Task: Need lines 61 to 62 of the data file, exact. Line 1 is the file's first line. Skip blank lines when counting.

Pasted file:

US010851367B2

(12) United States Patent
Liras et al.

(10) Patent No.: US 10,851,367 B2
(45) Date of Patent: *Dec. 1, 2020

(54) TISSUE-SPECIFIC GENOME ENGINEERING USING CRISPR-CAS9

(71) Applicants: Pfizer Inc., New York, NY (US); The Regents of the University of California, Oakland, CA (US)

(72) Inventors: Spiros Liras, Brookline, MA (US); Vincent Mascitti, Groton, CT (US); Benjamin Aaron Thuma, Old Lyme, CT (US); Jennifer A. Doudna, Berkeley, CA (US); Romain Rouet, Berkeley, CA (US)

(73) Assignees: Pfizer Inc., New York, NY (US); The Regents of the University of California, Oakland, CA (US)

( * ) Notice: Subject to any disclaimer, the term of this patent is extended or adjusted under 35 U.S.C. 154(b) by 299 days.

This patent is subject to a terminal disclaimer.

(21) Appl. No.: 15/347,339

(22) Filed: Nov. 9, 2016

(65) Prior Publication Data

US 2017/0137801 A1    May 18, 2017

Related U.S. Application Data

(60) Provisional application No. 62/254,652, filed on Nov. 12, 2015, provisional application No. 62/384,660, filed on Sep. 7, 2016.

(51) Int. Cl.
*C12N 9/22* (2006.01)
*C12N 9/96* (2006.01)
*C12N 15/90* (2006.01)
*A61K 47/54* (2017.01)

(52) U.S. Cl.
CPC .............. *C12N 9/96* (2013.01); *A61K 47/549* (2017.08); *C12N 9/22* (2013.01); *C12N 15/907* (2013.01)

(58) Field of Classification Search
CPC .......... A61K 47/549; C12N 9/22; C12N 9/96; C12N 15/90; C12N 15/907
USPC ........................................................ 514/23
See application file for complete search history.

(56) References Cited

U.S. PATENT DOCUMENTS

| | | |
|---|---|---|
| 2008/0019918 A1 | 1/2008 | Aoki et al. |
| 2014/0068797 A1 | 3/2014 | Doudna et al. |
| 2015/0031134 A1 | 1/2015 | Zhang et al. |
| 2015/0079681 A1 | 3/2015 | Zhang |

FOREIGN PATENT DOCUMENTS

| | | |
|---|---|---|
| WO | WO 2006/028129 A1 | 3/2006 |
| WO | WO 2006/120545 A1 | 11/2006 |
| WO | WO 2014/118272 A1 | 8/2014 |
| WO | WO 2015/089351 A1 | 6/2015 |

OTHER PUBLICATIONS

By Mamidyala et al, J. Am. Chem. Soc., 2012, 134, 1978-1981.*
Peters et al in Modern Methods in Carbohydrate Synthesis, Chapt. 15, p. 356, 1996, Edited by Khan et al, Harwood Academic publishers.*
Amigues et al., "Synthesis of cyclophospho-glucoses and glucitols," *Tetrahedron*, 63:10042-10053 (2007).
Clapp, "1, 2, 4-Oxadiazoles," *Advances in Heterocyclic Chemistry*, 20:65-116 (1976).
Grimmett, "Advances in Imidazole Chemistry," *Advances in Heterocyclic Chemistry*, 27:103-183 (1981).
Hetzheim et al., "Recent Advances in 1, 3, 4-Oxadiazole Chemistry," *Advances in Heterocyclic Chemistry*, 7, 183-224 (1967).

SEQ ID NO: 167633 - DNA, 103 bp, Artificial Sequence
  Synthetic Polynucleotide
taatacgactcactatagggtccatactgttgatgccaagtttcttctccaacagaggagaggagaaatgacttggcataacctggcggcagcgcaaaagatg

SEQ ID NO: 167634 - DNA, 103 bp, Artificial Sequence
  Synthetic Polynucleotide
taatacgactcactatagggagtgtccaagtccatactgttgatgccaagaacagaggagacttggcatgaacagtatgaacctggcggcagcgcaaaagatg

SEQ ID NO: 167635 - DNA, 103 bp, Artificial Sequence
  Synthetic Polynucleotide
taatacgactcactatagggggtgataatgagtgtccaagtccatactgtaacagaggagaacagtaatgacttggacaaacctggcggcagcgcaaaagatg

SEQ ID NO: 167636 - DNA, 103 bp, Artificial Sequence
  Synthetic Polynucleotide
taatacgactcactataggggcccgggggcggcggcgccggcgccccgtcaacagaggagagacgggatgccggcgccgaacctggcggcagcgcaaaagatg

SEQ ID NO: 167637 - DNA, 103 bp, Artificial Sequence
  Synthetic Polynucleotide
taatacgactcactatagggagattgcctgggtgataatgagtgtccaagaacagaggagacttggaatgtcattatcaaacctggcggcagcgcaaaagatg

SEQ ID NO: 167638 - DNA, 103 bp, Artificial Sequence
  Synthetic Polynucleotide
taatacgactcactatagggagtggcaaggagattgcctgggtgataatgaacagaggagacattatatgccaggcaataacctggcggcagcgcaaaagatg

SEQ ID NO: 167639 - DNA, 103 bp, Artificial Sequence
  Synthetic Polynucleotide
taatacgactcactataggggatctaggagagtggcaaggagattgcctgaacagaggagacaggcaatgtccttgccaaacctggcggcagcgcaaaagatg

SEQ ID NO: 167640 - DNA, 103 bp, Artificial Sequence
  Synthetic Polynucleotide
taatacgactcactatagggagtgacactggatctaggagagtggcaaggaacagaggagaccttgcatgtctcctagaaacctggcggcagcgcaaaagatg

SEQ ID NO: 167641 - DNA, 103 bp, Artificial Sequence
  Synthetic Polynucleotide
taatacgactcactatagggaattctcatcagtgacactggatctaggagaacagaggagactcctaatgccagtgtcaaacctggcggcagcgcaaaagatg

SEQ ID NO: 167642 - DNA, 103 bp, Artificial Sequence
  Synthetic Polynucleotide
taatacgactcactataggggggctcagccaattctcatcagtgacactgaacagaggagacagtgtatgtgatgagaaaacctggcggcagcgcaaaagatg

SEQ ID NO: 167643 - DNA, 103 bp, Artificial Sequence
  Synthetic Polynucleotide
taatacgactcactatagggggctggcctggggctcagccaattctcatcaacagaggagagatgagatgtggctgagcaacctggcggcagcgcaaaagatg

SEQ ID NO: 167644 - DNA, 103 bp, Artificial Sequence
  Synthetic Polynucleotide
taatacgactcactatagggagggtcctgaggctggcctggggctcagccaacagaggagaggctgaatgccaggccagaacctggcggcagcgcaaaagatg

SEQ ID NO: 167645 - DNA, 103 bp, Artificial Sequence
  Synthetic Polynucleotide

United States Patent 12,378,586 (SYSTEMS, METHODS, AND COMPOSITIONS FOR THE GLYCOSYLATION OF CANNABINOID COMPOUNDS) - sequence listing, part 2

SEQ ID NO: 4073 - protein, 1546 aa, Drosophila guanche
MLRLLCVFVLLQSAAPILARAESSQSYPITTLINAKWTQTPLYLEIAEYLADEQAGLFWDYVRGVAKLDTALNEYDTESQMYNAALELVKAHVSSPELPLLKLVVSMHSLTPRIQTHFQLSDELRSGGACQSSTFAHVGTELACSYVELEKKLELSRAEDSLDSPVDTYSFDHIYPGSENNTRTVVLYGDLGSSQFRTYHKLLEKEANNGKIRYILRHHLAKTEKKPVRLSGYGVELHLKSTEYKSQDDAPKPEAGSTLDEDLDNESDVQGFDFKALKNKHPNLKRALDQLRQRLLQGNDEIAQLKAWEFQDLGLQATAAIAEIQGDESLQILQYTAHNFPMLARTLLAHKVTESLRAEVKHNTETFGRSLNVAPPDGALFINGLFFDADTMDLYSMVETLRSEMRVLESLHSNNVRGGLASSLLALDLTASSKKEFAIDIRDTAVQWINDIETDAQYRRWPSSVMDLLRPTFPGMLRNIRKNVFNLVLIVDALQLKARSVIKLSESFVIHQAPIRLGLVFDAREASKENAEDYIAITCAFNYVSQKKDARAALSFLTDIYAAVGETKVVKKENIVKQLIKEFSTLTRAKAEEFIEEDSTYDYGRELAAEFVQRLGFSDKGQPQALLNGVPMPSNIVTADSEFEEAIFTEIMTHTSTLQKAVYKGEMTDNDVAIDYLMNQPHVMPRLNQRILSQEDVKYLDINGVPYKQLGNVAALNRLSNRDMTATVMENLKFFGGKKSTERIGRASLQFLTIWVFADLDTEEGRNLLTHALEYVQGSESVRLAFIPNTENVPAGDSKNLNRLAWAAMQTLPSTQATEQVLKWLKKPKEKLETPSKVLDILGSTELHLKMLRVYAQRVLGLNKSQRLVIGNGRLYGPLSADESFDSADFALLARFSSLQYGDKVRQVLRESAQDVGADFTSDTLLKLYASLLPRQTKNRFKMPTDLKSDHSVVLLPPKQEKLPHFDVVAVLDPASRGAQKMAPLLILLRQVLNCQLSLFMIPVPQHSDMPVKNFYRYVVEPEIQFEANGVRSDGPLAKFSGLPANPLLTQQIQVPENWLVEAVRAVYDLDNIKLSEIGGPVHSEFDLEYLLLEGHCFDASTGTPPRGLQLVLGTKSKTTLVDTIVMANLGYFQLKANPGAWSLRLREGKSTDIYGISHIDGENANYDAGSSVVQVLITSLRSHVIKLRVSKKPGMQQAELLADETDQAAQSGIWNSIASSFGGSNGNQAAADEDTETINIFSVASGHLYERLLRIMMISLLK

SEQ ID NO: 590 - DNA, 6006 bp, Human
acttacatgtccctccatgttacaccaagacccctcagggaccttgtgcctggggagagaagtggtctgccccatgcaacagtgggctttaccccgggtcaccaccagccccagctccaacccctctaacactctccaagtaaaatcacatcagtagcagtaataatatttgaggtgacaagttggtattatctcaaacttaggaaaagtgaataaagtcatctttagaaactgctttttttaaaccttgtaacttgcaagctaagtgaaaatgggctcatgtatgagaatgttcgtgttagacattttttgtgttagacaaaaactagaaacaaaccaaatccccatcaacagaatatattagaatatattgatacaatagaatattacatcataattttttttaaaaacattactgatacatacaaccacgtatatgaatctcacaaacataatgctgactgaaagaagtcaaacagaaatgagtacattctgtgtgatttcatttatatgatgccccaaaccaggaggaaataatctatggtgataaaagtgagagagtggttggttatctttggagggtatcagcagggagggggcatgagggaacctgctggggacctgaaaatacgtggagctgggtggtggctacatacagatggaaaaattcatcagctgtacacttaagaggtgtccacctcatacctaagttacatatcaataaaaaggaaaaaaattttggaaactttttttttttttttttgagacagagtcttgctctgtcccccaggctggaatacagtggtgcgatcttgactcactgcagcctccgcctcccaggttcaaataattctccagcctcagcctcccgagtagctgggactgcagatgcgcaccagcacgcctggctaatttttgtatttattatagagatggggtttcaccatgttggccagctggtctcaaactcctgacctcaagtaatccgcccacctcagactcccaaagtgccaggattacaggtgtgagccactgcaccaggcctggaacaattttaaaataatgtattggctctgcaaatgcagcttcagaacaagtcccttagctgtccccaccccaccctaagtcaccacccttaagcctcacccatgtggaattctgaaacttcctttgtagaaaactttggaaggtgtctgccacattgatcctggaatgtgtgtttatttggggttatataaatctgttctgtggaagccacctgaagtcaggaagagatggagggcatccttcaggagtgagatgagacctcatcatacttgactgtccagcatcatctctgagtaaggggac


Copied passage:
  Synthetic Polynucleotide
taatacgactcactataggggcccgggggcggcggcgccggcgccccgtcaacagaggagagacgggatgccggcgccgaacctggcggcagcgcaaaagatg